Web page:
the barbaric society

Mass unemployment (officially 11.5% - 1 million - but probably closer to 14%) includes over 400,000 people who have become unemployed since 1990 (when the official rate was 6%), with more than one in three unemployed people having spent more than a year without work. The figure for youth unemployment is put at an extraordinary 35%, while chronic underemployment (including the unemployed) has been estimated at over 20%23. More than two million Australians who want to work are without a job, though the number of discouraged jobseekers - those who have given up hope of ever finding work - is increasing24. Not surprisingly, the burden of unemployment has been disproportionately shared by the less educated, and in particular, newly arrived migrants25. These figures represent the most savage attack on the fabric of Australian society since the Great Depression, though in the spirit and rhetoric of liberal economic determinism, this is either a "soft landing" or "the recession we had to have": take your pick. The consequent loss of self-esteem, the psychological devastation, social alienation and feelings of hopelessness amongst unemployed people are   much more difficult to measure26.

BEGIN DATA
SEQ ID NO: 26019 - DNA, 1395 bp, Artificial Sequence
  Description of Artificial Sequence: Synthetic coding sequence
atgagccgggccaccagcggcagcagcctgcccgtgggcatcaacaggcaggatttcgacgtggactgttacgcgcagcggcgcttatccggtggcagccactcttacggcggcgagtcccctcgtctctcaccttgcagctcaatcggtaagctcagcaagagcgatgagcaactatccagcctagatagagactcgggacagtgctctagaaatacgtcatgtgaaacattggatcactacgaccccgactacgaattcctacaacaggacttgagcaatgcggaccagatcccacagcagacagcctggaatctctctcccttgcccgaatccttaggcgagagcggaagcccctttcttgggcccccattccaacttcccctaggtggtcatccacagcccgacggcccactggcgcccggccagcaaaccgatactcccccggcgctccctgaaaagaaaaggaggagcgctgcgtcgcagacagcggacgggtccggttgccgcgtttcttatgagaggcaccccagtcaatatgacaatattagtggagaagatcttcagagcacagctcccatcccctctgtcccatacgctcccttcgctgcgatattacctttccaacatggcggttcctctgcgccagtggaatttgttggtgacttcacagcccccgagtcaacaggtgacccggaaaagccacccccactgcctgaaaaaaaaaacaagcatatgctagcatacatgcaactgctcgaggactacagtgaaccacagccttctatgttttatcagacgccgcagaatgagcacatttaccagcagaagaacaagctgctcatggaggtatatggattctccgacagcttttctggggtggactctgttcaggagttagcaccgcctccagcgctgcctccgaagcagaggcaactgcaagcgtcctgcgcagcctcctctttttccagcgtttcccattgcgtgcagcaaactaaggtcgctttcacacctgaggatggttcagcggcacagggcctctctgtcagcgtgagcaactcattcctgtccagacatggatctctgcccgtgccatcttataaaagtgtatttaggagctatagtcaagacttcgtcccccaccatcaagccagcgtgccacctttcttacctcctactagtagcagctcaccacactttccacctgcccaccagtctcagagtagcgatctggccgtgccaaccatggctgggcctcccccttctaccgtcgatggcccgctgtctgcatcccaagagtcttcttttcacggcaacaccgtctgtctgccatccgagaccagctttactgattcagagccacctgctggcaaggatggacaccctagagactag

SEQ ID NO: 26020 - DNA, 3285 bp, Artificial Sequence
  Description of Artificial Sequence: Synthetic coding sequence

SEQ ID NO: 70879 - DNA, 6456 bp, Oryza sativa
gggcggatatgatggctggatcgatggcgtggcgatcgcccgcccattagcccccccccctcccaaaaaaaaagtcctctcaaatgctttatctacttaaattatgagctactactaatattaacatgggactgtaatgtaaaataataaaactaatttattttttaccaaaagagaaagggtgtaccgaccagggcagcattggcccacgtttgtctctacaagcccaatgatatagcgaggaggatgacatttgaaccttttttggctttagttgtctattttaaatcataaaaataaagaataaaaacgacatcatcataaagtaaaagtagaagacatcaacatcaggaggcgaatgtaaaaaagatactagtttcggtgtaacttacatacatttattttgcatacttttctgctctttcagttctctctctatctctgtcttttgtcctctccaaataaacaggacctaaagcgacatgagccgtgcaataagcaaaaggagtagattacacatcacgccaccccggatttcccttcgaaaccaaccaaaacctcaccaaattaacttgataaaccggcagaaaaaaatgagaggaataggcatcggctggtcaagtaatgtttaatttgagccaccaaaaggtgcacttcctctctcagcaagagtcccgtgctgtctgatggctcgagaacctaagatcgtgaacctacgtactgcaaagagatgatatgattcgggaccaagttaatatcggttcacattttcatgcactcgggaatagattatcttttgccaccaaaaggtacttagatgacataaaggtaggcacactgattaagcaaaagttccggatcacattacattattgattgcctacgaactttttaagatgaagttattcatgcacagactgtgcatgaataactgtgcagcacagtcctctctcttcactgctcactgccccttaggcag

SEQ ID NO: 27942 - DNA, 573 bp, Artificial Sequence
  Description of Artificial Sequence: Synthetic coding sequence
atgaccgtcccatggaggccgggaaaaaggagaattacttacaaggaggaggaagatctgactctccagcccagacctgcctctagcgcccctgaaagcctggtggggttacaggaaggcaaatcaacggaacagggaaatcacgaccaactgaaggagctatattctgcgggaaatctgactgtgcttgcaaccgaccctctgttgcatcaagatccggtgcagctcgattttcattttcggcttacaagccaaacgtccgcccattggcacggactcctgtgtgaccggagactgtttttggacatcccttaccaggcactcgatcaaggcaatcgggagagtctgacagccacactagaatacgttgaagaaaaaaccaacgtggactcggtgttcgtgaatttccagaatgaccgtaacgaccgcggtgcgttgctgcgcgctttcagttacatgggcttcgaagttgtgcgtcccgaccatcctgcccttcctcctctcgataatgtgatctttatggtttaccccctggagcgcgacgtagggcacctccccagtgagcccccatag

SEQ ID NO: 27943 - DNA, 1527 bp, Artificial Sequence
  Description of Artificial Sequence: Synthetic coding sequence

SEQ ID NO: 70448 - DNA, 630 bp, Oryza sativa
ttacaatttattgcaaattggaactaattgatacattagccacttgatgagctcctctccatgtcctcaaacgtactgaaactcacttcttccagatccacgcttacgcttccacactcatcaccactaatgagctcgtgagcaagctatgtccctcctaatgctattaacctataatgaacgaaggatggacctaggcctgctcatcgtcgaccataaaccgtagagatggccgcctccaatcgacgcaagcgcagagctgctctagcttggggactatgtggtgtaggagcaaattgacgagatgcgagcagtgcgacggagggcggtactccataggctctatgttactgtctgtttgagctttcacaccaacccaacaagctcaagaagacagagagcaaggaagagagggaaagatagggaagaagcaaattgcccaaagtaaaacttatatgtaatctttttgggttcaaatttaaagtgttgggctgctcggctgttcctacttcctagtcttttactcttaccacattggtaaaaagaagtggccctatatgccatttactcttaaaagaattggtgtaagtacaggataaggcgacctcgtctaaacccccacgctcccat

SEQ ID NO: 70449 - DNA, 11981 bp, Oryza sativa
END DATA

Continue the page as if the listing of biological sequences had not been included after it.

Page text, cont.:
The culprit is said to be "the recession" as if this was something entirely outside the province of government, when it was in fact the effects of an economic downturn engineered by a government which raised interest rates too high for too long in a vulgar and costly attempt to correct an imbalance in the nation's current account. Effectively over 1,000,000 Australians have been "adjusted into unemployment" to discourage the rich from importing, a policy which has failed its own criteria of success27. The fiscal and monetary policy settings which produced this social catastrophe   sprang directly from liberal economic assumptions held by the bureaucratic elites in the Treasury and the Industry Commission - the high priests of neo-liberalism, which have consistently privileged the role of the market in social and economic life. In addition, their obsession with a minimalist state has meant reductions in protection for Australia's manufacturing sector. Not only are skills and technology being abandoned, and de-industrialisation accelerated, but up to 100,000 jobs have been lost as a direct consequence of the Government's drive to cut tariff protection to local industry, a policy which the vast majority of Australians strongly oppose28.